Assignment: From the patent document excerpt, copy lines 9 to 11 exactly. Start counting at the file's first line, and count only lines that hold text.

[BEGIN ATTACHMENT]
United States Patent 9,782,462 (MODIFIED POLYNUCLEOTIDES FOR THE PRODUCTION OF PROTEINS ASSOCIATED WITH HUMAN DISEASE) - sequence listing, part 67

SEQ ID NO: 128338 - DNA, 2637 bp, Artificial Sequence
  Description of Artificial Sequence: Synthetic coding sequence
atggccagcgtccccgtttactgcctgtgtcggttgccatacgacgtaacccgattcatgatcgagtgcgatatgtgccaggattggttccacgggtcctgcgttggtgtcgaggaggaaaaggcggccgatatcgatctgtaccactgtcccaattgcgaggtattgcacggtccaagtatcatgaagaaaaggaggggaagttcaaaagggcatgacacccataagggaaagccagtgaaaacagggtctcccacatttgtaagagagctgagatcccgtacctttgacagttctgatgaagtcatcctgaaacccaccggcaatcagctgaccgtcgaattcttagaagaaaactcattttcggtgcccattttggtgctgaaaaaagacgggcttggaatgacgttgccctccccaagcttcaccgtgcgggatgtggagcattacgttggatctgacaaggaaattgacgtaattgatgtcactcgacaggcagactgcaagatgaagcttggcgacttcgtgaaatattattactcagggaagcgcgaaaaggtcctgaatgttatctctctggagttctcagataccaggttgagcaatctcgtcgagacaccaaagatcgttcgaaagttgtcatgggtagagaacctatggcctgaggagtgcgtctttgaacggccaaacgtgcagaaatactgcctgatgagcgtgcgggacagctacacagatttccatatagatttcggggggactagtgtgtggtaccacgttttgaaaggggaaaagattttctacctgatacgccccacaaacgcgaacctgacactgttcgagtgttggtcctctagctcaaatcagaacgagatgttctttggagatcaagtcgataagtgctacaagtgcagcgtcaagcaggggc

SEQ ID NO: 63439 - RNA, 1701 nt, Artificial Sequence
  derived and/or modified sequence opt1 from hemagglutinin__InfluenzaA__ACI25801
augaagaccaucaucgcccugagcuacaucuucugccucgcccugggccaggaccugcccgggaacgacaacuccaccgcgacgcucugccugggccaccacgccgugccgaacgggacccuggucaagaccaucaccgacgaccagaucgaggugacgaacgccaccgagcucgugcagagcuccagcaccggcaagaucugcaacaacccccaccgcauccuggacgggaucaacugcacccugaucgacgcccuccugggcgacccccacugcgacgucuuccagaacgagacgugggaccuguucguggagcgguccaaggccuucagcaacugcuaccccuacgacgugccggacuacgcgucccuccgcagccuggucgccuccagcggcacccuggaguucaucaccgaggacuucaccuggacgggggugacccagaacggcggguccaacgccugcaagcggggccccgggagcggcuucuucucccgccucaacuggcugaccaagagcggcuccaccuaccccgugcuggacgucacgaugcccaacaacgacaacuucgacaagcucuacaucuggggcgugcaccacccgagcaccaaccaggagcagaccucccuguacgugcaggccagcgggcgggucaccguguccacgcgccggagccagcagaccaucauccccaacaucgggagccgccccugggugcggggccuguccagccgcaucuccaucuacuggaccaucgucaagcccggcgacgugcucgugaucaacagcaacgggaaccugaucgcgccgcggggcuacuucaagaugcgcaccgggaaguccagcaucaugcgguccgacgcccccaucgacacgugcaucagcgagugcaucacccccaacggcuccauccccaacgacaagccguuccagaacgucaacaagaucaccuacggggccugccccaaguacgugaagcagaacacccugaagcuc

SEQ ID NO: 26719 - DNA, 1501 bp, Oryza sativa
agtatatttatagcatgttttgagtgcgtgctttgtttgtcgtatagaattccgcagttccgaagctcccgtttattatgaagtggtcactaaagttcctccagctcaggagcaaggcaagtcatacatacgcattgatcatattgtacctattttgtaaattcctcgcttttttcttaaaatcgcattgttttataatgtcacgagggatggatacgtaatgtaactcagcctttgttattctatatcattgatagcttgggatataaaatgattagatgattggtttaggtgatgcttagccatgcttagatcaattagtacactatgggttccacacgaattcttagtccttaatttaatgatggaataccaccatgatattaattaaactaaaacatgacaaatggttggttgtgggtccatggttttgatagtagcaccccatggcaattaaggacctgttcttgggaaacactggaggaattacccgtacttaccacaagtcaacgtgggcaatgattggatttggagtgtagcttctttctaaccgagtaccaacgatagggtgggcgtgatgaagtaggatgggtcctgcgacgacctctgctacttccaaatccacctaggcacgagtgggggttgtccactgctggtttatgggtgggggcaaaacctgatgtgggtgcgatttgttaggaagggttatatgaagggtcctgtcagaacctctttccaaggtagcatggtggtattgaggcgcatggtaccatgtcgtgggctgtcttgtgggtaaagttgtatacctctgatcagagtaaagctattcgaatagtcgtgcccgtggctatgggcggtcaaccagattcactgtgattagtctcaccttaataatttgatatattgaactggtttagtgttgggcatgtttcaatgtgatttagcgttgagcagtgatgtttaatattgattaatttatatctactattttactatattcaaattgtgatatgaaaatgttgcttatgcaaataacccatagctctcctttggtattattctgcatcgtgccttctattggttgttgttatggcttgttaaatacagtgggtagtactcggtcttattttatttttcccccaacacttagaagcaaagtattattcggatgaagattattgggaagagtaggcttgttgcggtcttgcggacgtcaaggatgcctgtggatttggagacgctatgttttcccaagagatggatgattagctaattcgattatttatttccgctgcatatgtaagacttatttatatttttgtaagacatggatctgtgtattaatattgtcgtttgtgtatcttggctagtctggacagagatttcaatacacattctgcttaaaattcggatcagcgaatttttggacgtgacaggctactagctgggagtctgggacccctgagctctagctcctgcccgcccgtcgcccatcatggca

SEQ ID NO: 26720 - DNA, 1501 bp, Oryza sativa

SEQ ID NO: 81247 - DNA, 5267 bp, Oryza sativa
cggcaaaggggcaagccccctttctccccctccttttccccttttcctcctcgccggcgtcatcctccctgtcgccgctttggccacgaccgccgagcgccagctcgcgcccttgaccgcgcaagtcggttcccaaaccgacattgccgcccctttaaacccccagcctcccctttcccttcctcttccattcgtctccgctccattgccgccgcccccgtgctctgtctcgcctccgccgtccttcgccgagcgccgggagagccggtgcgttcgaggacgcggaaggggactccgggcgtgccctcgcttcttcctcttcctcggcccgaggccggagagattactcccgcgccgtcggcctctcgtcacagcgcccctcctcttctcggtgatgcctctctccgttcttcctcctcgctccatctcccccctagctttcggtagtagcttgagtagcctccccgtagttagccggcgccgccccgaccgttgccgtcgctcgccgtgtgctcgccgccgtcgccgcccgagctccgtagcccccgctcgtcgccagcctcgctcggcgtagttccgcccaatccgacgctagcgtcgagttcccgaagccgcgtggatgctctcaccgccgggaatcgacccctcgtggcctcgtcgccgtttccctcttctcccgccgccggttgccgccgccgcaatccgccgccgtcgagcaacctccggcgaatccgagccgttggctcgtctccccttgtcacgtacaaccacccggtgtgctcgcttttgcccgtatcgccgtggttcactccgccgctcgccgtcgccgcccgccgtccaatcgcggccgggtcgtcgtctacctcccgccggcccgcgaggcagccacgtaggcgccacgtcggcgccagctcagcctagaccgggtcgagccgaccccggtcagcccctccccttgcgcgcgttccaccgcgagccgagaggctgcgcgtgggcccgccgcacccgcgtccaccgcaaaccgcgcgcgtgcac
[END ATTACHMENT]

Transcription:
agtatatttatagcatgttttgagtgcgtgctttgtttgtcgtatagaattccgcagttccgaagctcccgtttattatgaagtggtcactaaagttcctccagctcaggagcaaggcaagtcatacatacgcattgatcatattgtacctattttgtaaattcctcgcttttttcttaaaatcgcattgttttataatgtcacgagggatggatacgtaatgtaactcagcctttgttattctatatcattgatagcttgggatataaaatgattagatgattggtttaggtgatgcttagccatgcttagatcaattagtacactatgggttccacacgaattcttagtccttaatttaatgatggaataccaccatgatattaattaaactaaaacatgacaaatggttggttgtgggtccatggttttgatagtagcaccccatggcaattaaggacctgttcttgggaaacactggaggaattacccgtacttaccacaagtcaacgtgggcaatgattggatttggagtgtagcttctttctaaccgagtaccaacgatagggtgggcgtgatgaagtaggatgggtcctgcgacgacctctgctacttccaaatccacctaggcacgagtgggggttgtccactgctggtttatgggtgggggcaaaacctgatgtgggtgcgatttgttaggaagggttatatgaagggtcctgtcagaacctctttccaaggtagcatggtggtattgaggcgcatggtaccatgtcgtgggctgtcttgtgggtaaagttgtatacctctgatcagagtaaagctattcgaatagtcgtgcccgtggctatgggcggtcaaccagattcactgtgattagtctcaccttaataatttgatatattgaactggtttagtgttgggcatgtttcaatgtgatttagcgttgagcagtgatgtttaatattgattaatttatatctactattttactatattcaaattgtgatatgaaaatgttgcttatgcaaataacccatagctctcctttggtattattctgcatcgtgccttctattggttgttgttatggcttgttaaatacagtgggtagtactcggtcttattttatttttcccccaacacttagaagcaaagtattattcggatgaagattattgggaagagtaggcttgttgcggtcttgcggacgtcaaggatgcctgtggatttggagacgctatgttttcccaagagatggatgattagctaattcgattatttatttccgctgcatatgtaagacttatttatatttttgtaagacatggatctgtgtattaatattgtcgtttgtgtatcttggctagtctggacagagatttcaatacacattctgcttaaaattcggatcagcgaatttttggacgtgacaggctactagctgggagtctgggacccctgagctctagctcctgcccgcccgtcgcccatcatggca

SEQ ID NO: 26720 - DNA, 1501 bp, Oryza sativa

SEQ ID NO: 81247 - DNA, 5267 bp, Oryza sativa